For my own edification (and to make an occasional buck), I sometimes give a speech. A question-and-answer session usually follows, and it is in these, over the past year or so, that I have noticed something: Americans now seem willing to pay more in taxes. The catch is they want the additional money targeted for specific purposes. To me, that reads like a variation of a sign out of the Jim Crow era: For Me Only.
The impression I get from speaking to groups is precisely the same one journalists have gotten from focus groups and polls. Now that impression has been confirmed by California voters. They chose to double the state's gas tax from 9 to 18 cents a gallon. The proceeds will be used to improve California's transportation system. That's a worthy cause, but it's not -- by a long shot -- low-income housing or education.
After the California vote, a kind of cheer went up from the half-dozen or so liberals still left: The back of Reaganism was at last broken. Whether it meant to or not, The New York Times summed up that reaction when it headlined the California story "Tax Revolt Fades" -- and led the paper with it. My own headline would have been somewhat more cynical. As I read the California vote it's merely a variation on the Reaganism theme.
People no longer believe that taxes can be lowered -- and kept low -- without consequence. The evidence of that folly is all around them. The highways they travel, the bridges they fear to cross, the airports where they while away the day, all testify to the need for more public funds.
If these same people think about it, they may also conclude that the government has been penny wise and pound foolish. For instance, one element in the $500 billion savings and loan scandal was the implementation of cost-cutting: the ranks of auditors and inspectors were thinned. If there was ever any proof that when the cat's away the mice will play, it's the savings-and- loan industry. There's little left but a speck of cheese.
At just about every government agency where there have been scandals, there have also been massive reductions in personnel. Some agencies were no doubt bloated, but the budget cuts went way past the fat and deep into the bone.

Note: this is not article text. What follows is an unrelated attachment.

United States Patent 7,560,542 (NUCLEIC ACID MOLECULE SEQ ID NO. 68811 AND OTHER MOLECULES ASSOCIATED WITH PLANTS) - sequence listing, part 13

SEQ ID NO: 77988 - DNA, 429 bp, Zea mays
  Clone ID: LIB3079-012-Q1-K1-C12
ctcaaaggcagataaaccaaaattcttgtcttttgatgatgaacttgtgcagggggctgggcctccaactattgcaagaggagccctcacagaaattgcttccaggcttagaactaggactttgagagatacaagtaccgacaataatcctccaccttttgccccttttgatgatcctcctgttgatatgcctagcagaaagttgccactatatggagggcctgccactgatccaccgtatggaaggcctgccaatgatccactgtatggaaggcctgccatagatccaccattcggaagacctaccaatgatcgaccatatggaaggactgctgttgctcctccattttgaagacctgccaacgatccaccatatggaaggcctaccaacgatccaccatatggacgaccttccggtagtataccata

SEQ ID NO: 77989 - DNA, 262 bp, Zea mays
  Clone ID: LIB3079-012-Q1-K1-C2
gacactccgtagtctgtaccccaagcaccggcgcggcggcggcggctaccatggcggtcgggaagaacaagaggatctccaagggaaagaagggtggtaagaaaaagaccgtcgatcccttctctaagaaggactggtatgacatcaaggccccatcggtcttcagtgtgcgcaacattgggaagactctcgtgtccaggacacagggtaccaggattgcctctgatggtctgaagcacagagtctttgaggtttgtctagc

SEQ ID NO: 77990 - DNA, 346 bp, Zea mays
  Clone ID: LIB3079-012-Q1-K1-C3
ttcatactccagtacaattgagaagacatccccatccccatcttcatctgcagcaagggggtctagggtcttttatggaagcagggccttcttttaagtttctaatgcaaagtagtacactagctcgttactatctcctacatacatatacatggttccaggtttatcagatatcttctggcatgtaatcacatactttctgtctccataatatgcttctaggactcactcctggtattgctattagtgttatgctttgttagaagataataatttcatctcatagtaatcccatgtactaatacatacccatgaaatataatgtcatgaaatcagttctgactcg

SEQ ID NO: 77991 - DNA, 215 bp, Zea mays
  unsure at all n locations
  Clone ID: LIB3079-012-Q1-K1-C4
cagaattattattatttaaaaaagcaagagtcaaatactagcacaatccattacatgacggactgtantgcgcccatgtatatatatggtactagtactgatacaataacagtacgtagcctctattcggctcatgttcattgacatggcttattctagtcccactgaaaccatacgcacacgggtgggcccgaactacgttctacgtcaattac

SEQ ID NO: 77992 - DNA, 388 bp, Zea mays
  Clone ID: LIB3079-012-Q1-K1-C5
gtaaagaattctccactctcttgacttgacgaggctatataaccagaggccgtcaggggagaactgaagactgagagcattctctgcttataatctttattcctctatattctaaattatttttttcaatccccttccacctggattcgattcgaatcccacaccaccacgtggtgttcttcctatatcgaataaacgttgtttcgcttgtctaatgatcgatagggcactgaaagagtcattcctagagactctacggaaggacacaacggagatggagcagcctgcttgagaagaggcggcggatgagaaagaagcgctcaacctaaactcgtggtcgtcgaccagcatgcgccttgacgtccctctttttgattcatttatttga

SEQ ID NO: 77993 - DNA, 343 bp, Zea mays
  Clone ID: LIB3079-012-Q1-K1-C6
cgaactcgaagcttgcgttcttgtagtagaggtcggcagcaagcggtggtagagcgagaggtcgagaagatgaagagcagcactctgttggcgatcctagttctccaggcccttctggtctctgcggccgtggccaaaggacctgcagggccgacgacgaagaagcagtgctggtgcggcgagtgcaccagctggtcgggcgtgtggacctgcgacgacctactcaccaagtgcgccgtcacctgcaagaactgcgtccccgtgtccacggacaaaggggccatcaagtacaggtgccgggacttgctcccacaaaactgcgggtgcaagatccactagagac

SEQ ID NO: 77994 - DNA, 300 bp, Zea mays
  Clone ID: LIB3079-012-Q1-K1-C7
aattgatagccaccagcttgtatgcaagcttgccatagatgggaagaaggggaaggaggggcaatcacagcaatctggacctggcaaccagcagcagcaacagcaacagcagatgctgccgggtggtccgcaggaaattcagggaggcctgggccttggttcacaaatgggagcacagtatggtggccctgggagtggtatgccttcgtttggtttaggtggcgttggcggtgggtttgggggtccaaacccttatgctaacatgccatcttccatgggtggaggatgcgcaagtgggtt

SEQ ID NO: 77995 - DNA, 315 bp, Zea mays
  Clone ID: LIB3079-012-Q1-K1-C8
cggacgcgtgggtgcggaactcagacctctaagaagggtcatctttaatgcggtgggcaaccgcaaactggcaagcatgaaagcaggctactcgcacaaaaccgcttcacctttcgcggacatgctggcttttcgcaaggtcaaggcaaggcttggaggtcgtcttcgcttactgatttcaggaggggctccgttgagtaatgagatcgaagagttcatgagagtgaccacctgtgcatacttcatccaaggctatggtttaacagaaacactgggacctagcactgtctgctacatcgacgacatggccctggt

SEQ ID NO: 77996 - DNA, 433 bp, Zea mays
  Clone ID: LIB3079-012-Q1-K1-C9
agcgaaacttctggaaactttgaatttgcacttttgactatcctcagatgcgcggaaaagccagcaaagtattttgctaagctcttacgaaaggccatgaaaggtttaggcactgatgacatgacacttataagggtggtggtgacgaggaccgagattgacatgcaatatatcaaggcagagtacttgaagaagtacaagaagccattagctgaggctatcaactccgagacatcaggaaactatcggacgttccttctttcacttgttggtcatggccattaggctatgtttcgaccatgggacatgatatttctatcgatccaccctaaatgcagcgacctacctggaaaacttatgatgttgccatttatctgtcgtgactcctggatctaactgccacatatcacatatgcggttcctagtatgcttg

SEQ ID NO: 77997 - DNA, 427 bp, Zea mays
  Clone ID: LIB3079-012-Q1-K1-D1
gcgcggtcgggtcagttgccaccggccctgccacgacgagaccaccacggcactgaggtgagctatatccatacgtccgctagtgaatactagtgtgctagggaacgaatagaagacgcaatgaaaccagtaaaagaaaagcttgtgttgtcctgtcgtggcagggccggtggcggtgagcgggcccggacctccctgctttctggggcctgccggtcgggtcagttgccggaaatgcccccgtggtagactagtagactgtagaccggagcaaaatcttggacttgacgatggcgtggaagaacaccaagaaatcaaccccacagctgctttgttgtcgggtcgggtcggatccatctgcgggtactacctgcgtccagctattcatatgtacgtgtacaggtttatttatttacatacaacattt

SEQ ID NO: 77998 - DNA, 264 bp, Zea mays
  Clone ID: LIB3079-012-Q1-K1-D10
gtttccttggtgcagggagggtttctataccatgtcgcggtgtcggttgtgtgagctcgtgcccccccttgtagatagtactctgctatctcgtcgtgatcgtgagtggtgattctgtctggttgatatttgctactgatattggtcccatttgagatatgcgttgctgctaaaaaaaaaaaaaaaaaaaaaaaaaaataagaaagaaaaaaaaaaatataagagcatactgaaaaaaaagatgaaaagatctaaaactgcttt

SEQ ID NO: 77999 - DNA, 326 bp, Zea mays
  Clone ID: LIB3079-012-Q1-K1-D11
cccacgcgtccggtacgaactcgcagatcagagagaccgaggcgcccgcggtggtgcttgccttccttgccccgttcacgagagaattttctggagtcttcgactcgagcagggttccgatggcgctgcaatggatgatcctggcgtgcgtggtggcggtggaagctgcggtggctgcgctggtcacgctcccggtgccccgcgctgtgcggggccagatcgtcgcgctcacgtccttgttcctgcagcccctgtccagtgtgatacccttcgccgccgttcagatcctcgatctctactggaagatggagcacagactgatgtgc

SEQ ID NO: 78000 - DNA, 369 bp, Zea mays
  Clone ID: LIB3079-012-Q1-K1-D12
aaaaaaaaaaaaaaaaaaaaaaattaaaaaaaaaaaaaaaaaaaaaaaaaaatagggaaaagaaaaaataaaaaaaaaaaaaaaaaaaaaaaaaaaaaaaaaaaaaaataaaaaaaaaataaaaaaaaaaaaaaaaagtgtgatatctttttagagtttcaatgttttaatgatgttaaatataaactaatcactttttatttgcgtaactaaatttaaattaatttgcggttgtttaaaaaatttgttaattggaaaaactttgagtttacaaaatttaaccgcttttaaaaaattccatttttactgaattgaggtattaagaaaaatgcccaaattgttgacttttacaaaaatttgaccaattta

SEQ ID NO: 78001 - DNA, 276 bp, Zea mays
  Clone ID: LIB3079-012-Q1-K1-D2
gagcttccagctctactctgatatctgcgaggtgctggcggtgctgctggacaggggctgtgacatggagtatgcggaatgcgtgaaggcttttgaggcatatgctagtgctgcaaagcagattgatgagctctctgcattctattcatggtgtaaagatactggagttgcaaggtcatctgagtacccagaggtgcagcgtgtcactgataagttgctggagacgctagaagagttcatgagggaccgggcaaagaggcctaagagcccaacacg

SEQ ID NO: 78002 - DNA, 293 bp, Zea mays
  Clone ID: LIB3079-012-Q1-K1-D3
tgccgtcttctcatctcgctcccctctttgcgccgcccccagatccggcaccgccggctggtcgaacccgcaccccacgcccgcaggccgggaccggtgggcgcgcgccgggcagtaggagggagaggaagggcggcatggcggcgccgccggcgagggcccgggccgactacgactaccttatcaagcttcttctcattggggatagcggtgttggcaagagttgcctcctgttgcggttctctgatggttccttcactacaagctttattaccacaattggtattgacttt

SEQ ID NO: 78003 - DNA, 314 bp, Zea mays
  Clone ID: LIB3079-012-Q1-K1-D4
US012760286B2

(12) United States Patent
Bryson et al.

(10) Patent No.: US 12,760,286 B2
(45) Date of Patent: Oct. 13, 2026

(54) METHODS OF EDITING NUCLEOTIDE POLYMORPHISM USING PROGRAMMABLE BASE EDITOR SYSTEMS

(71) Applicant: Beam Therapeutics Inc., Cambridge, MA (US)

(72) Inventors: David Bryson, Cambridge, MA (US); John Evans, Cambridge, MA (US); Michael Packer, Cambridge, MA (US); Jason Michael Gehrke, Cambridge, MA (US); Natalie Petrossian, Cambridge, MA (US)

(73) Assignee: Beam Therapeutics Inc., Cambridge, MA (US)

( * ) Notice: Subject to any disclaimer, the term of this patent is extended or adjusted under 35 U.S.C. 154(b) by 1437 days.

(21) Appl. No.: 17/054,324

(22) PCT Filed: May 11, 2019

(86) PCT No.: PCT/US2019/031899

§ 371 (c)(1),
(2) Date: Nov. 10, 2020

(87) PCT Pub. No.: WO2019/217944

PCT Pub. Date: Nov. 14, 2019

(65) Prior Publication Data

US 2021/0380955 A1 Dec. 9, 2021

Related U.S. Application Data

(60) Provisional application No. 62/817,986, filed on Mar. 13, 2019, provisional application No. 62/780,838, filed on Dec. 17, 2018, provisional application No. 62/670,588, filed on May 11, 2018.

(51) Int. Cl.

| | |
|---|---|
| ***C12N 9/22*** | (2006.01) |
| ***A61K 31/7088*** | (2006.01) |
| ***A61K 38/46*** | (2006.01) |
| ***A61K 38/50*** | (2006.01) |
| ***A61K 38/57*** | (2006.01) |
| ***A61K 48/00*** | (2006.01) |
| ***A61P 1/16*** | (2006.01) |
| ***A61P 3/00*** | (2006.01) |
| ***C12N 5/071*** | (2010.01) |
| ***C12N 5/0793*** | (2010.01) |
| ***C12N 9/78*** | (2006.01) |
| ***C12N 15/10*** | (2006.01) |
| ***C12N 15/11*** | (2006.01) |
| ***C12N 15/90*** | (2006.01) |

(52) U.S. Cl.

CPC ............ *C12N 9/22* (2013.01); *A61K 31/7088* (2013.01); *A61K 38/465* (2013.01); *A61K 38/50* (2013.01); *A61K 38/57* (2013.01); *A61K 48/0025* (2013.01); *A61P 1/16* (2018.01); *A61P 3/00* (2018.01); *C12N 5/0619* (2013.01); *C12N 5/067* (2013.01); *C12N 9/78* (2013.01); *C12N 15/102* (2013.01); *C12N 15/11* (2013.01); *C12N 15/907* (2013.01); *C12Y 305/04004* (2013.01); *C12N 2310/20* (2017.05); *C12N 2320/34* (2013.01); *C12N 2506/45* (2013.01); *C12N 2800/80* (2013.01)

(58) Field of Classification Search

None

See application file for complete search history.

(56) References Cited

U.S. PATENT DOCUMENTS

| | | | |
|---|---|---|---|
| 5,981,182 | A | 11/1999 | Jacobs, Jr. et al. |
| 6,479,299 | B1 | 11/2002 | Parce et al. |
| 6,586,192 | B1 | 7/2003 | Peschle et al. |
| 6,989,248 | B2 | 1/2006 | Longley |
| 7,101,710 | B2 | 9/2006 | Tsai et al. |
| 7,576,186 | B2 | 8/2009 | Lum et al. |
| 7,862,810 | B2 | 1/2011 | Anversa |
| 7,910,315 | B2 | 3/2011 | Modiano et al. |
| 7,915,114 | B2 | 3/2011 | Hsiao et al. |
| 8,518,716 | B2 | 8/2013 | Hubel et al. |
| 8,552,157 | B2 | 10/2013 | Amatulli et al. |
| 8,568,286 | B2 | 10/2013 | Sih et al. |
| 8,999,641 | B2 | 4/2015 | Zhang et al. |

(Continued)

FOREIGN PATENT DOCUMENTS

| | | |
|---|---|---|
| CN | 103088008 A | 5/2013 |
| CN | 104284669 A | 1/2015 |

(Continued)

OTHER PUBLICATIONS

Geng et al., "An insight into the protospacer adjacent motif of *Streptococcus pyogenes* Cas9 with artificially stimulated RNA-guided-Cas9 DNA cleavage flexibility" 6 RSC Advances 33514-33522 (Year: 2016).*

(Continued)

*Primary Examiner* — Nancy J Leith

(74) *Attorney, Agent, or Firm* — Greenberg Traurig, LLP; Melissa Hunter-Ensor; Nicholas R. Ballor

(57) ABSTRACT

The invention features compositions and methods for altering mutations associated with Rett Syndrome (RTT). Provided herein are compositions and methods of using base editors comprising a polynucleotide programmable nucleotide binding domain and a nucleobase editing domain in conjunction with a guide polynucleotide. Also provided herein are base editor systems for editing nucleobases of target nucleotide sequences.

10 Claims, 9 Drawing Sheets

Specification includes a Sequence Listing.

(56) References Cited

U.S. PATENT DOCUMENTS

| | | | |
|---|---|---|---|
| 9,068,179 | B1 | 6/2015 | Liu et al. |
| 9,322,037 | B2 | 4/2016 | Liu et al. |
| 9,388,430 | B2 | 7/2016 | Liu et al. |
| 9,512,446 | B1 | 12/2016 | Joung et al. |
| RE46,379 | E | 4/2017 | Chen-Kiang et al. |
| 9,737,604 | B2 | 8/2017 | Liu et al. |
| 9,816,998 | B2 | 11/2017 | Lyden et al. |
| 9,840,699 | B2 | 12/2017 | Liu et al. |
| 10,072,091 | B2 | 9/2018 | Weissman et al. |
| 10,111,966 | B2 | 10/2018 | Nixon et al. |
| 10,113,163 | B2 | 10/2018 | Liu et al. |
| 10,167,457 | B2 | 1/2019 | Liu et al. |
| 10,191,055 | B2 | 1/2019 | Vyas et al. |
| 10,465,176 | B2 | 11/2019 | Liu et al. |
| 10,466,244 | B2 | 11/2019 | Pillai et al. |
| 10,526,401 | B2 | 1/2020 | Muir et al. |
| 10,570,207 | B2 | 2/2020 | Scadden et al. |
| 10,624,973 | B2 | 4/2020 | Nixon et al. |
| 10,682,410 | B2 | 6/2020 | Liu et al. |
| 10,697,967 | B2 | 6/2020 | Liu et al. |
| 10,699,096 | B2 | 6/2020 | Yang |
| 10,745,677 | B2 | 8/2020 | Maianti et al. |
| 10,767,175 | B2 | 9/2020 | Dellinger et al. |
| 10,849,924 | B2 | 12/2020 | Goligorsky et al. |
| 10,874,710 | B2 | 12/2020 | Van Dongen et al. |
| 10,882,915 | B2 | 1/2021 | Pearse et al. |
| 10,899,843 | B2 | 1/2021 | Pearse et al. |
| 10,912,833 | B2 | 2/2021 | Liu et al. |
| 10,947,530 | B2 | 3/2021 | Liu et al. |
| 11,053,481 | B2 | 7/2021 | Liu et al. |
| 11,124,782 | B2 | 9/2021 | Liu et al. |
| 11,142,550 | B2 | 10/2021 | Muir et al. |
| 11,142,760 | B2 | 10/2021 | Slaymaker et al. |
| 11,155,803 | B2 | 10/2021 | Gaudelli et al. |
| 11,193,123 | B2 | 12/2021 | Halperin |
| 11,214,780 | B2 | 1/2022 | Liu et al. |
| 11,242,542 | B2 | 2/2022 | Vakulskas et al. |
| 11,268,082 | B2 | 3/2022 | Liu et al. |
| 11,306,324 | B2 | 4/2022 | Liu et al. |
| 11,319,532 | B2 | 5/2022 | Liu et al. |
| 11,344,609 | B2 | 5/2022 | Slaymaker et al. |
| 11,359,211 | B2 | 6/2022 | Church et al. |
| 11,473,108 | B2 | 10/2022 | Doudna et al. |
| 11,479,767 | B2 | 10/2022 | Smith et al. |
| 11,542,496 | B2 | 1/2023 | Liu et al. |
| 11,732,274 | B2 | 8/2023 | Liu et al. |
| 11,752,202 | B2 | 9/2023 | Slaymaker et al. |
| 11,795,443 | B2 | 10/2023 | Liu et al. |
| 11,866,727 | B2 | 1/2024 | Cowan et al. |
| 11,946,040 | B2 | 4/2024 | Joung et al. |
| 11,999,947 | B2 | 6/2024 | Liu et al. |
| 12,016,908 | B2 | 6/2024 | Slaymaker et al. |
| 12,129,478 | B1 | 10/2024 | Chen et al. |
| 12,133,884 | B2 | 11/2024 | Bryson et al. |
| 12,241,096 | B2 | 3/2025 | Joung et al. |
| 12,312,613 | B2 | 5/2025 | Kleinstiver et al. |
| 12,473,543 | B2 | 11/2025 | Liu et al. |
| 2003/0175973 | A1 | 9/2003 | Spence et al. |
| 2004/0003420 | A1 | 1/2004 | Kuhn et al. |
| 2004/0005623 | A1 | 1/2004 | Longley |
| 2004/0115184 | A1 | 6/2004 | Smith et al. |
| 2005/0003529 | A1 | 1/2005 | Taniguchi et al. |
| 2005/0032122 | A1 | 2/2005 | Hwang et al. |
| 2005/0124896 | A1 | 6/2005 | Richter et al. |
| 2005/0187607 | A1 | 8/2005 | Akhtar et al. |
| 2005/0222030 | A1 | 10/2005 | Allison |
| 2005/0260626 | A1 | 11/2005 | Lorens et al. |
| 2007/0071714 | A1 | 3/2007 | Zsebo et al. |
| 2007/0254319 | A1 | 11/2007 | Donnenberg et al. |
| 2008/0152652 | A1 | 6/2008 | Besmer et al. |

At the Department of Housing and Urban Development, the very people who were supposed to monitor the grants that no one can now believe were made had been let go. As with the savings-and-loan industry, real-estate developers were monitored only by their conscience -- virtually a contradiction in terms.
So now Americans are trying to make some amends. They don't like their roads. They think bridges are unsafe. But this latter-day acknowledgment of civic responsibility remains a restricted one. It does not embrace the notion of community, that is to say what we think we owe others. If we get stuck in traffic all the time then, fine, with great reluctance we'll approve a tax increase. But should the same people be asked to enrich a school-lunch program or spend what's needed to lower the shocking infant-mortality rate in inner cities, then a hand clamps on the wallet. That's called throwing money at the problem -- something that's okay when it comes to, say, transportation (since when did more highways reduce traffic?) but sinful when it comes to social programs.
To the extent that white America sees poverty in racial terms, the divisions within our national community are only widened. The "common ground" that Jesse Jackson often mentions has become a figment of his imagination. The very institutions that, in a physical sense, once comprised common ground have been abandoned by white America -- everything from public libraries to public health to even the city itself. Multiracial by day, it's something else after dark.
In fact, affluent Americans have privatized what were once public services. Suburban developments are guarded by their own private police departments. Public transportation has been replaced by the automobile. In certain cities, Washington for instance, private schooling is routine for affluent whites and, to a lesser degree, blacks as well. The public schools are mostly for the poor. Try raising money for schools from parents who send their kids to private institutions.
So the California vote, as much as it is welcome, is hardly a departure from the pattern of the last decade. It is simply another example of the middle class paying for what it wants -- in this case, better transportation. The notion of community that Ronald Reagan valued in rhetoric but devalued through policy still awaits a political leader who can convince Americans that we are all in the same boat. Sooner or later the leak at one end is going to sink us all.